Louisiana State Senators, Searching for Revenue, Easily Push Sports Betting Bills Through Committee

Posted on: May 6, 2020, 09:43h. 

Last updated on: May 6, 2020, 12:50h.

Two essentially identical sports betting bills proposed by a pair Republican state senators in Louisiana easily passed through the chamber’s Judiciary Committee Tuesday, potentially setting the stage for voters there to have a say on the matter in November.

Louisiana Sports Betting Bills
Mardi Gras revelers and Louisiana residents may get the chance to bet on sports next year. (Image: New York Times)

Senate Bill 378, proposed by Sen. Ronnie Johns (R-Lake Charles) and SB 130, sponsored by Sen. Cameron Henry (R-Metairie) were both approved by the Judiciary Committee. If either is signed into law, voters would be able to approve or decline the availability of sports wagering in their respective parishes.

If a majority of the qualified electors in the parish voting on the proposition vote for the proposition, then sports wagering and such activities shall be permitted in such parish,” according to text from Johns’ SB 378.

There are 64 parishes in the Pelican State, which are the equivalent of counties in other states. The largest by population are the East Baton Rouge and Jefferson parishes.

Hunting for Revenue

Louisiana is home to more than 50 gaming properties, including casinos and racetracks. But as is the case with comparable venues in other states, those establishments are currently closed because of the coronavirus pandemic. Johns told The Advocate, the state’s largest daily newspaper, that the shutdown already cost the state $100 million in revenue.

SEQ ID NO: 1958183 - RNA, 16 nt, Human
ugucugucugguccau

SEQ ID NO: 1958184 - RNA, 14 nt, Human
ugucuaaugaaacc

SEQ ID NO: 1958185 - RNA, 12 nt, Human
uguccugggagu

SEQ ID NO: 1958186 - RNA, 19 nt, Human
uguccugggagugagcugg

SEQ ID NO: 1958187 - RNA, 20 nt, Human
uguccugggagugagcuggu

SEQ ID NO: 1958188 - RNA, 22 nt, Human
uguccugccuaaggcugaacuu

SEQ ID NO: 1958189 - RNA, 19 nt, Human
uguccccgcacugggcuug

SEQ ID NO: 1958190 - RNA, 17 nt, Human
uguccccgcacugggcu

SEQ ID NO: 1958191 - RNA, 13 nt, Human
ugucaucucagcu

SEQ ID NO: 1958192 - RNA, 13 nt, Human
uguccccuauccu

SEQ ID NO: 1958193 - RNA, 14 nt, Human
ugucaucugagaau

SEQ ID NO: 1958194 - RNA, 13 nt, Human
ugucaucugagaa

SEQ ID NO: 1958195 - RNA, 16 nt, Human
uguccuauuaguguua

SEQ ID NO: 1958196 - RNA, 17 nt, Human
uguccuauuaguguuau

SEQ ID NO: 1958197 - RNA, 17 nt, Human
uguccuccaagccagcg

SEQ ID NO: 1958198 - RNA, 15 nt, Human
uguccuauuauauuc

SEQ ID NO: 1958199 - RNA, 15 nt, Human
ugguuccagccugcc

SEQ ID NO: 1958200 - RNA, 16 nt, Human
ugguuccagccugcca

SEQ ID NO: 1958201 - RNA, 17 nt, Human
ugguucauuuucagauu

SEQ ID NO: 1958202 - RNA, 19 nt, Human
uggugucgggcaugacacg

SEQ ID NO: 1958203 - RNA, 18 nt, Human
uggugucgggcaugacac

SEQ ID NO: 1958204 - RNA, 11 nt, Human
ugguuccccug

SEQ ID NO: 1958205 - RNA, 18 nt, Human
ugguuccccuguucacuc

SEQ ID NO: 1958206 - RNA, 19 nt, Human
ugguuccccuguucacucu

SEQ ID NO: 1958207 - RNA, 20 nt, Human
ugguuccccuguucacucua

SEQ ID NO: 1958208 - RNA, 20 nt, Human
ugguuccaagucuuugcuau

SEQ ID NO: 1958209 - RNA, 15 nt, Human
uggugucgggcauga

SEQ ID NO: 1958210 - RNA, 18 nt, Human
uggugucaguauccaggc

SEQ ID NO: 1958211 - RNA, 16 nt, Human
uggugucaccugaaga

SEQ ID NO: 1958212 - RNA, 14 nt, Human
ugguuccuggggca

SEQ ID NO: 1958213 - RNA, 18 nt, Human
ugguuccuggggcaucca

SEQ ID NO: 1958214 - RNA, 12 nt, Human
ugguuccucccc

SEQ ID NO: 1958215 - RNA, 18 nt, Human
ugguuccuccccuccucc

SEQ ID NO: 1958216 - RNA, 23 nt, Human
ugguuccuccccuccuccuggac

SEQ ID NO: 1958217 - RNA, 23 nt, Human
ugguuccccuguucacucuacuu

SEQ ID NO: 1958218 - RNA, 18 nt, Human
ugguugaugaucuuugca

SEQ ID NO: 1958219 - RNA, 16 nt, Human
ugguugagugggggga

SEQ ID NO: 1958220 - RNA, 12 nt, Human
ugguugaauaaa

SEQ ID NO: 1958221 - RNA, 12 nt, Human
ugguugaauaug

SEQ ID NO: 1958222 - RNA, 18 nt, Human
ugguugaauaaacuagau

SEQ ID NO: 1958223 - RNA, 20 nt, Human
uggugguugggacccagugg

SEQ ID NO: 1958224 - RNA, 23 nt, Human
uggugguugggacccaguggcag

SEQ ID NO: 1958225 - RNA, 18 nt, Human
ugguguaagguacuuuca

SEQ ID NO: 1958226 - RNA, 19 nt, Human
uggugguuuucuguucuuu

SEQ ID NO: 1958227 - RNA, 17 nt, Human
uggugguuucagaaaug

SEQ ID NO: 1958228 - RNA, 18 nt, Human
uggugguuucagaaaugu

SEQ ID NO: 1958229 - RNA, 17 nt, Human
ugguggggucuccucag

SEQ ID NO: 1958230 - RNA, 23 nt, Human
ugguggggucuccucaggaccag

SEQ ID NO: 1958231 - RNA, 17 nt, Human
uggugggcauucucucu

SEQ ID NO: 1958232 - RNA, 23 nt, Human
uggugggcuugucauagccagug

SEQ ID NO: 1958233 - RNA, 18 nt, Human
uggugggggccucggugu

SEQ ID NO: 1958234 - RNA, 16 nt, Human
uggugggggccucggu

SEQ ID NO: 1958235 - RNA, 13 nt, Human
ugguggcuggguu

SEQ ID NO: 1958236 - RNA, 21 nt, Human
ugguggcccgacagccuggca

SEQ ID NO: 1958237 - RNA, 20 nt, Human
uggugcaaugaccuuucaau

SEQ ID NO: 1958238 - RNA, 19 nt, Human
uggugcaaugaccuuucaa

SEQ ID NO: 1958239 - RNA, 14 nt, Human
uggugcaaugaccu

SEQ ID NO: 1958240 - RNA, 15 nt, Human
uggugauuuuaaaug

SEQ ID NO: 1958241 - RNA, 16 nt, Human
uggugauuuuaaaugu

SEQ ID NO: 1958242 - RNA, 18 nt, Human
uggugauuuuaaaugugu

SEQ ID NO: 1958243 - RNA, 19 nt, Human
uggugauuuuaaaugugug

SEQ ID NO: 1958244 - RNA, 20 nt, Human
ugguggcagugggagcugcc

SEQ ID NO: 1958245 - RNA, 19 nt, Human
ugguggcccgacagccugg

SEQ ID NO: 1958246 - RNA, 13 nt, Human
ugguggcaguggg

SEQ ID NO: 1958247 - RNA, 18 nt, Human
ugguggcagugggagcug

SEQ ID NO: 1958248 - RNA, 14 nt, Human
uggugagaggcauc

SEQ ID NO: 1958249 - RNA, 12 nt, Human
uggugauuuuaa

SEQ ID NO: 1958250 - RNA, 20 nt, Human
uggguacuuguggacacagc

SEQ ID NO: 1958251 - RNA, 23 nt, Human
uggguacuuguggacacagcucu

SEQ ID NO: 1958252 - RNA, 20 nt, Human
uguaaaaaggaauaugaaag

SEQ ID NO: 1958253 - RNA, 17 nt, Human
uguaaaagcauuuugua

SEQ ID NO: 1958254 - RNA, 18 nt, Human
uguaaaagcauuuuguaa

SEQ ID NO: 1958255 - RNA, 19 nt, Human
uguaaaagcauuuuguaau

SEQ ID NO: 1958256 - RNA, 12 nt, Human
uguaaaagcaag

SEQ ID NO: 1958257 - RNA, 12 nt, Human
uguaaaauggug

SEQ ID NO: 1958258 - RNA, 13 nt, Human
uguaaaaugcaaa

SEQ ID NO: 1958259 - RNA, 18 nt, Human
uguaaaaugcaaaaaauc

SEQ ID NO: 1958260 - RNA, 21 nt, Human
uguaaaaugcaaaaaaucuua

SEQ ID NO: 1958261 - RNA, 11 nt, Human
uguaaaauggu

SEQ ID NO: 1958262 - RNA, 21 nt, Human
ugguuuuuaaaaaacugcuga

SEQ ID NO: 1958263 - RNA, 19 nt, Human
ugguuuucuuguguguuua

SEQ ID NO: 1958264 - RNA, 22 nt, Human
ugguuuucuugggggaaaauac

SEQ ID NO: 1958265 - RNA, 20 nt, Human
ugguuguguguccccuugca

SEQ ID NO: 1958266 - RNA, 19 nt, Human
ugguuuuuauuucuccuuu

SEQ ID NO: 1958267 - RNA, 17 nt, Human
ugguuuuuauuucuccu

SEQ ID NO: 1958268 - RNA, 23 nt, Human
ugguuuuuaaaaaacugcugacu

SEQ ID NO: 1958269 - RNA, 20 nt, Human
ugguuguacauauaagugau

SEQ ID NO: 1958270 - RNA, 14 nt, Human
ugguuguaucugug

Analysts believe the state revenue shortfalls created by COVID-19 will prompt more politicians to consider embracing online gaming and sports wagering.

Johns’ SB 378 implies that any operator – commercial or tribal – would be eligible to apply for sports betting licenses. The Pelican State’s commercial gaming venues consist of racetracks, about 15 riverboat casinos and the land-based Harrah’s New Orleans. However, some operators are looking to move riverboats ashore, something Eldorado Resorts got approval to do with its Isle of Capri.

When it completes its $17.3 billion takeover of Caesars Entertainment, which is expected to happen sometime next month, Eldorado will be the largest individual operator in the Pelican State. Even with a recently announced sale, it maintains control of two Louisiana gaming venues and will add Caesars’ Harrah’s New Orleans, Harrah’s Louisiana Downs, and Horseshoe Boosier City to its portfolio.

The Louisiana Gaming Control Board (LGCB) approved the deal in January.

Hoping Past Isn’t Precedent

Louisiana has had past flirtations with sports betting. In 2018, voters in 47 parishes approved daily fantasy sports (DFS). But politicians couldn’t agree on how to tax that activity, and it died alongside a sports wagering plan last year, according to the Advocate.

Arkansas and Mississippi – two of the three states bordering Louisiana – allow sports betting, but Texas doesn’t. That could be an advantage, because the Lone Star State accounts for the largest percentage of visitors to the Pelican State, according to the Louisiana Department of Culture, Recreation and Tourism.

SB 130 and SB 378 allow for electronic wagering, but only on the premises of a casino. Both proposals would permit betting on college sports.